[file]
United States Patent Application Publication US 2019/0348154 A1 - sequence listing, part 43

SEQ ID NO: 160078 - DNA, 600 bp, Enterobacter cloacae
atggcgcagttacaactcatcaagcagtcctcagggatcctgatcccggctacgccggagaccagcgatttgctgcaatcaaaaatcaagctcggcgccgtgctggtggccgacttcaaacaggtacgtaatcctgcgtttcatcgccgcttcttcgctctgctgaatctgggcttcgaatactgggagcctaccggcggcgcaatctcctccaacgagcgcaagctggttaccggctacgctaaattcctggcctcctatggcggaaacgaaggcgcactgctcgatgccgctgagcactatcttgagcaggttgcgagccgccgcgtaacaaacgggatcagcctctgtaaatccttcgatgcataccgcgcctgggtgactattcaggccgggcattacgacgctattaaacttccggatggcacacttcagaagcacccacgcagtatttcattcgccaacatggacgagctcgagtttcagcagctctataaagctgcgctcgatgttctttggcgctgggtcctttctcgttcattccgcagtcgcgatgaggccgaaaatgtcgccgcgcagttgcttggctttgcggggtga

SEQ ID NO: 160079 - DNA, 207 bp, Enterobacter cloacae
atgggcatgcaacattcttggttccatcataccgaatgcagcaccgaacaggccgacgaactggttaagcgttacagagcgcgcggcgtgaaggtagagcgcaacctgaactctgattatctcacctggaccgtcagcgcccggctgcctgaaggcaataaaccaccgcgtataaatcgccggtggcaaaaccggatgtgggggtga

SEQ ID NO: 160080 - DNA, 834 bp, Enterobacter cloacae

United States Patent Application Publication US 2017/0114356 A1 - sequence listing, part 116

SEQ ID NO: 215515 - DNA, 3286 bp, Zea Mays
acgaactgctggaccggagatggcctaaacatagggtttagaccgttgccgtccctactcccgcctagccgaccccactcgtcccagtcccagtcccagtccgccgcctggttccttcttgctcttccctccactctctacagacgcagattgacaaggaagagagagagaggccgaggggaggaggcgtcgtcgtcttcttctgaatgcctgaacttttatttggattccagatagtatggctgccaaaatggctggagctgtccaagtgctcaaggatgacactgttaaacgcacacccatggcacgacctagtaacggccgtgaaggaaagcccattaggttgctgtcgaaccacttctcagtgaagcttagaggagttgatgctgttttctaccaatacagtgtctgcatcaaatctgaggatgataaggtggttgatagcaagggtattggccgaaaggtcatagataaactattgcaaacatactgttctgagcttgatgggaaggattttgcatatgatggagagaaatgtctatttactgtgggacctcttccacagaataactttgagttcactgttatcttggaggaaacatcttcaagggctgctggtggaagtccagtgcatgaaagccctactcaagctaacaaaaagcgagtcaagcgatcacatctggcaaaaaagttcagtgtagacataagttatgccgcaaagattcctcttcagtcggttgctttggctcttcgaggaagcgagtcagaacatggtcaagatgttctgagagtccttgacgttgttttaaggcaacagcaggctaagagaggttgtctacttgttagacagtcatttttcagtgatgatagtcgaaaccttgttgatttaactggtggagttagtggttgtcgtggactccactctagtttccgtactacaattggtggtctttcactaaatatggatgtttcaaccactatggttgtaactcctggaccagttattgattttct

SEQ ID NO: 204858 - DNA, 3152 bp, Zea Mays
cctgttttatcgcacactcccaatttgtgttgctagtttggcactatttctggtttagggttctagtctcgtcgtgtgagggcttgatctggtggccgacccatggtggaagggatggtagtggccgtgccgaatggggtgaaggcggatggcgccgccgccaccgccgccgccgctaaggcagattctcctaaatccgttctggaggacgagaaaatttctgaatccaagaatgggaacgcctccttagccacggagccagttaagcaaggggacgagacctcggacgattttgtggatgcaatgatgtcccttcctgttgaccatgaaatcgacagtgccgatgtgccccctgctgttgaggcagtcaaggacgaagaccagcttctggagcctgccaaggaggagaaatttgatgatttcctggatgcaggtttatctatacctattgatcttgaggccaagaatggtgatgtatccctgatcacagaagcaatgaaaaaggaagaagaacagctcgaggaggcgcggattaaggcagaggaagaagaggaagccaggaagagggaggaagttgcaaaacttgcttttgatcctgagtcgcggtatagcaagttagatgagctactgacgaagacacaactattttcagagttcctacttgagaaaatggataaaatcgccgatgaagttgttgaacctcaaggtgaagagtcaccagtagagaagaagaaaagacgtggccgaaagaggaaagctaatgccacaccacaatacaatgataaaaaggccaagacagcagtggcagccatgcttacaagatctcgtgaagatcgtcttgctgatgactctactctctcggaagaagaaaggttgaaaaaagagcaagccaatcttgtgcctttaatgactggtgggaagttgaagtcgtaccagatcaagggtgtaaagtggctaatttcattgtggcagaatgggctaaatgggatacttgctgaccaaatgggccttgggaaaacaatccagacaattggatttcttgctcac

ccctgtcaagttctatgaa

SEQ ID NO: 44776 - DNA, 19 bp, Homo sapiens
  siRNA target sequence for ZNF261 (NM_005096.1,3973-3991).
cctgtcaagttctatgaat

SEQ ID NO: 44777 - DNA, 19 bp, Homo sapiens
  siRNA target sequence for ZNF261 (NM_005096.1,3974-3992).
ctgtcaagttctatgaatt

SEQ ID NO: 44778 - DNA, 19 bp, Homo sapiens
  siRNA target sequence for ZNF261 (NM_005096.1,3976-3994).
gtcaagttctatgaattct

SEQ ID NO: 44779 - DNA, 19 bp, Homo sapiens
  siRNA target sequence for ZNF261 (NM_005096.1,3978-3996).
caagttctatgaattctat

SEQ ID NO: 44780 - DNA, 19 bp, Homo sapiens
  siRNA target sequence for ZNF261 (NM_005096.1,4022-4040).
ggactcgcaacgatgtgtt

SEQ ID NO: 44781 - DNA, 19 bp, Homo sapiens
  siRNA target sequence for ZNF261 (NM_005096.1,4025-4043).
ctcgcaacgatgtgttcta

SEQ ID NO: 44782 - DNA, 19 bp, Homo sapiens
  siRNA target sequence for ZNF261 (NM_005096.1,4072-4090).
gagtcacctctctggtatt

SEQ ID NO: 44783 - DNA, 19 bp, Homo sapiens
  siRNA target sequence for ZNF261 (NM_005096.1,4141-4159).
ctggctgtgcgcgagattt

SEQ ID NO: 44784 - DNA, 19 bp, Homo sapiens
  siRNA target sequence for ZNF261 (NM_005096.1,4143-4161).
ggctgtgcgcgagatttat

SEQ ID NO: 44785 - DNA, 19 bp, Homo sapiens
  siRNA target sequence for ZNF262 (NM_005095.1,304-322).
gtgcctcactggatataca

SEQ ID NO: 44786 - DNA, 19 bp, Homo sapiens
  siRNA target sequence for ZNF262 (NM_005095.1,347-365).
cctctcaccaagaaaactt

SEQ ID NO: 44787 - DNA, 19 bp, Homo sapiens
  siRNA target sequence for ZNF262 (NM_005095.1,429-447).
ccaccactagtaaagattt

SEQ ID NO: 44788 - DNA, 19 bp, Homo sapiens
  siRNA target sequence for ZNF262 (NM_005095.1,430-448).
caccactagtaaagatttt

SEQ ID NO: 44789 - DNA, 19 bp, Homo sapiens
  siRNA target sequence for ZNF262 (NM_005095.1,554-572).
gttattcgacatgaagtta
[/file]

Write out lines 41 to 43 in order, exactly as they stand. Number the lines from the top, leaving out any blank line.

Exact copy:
  siRNA target sequence for ZNF262 (NM_005095.1,304-322).
gtgcctcactggatataca

SEQ ID NO: 44786 - DNA, 19 bp, Homo sapiens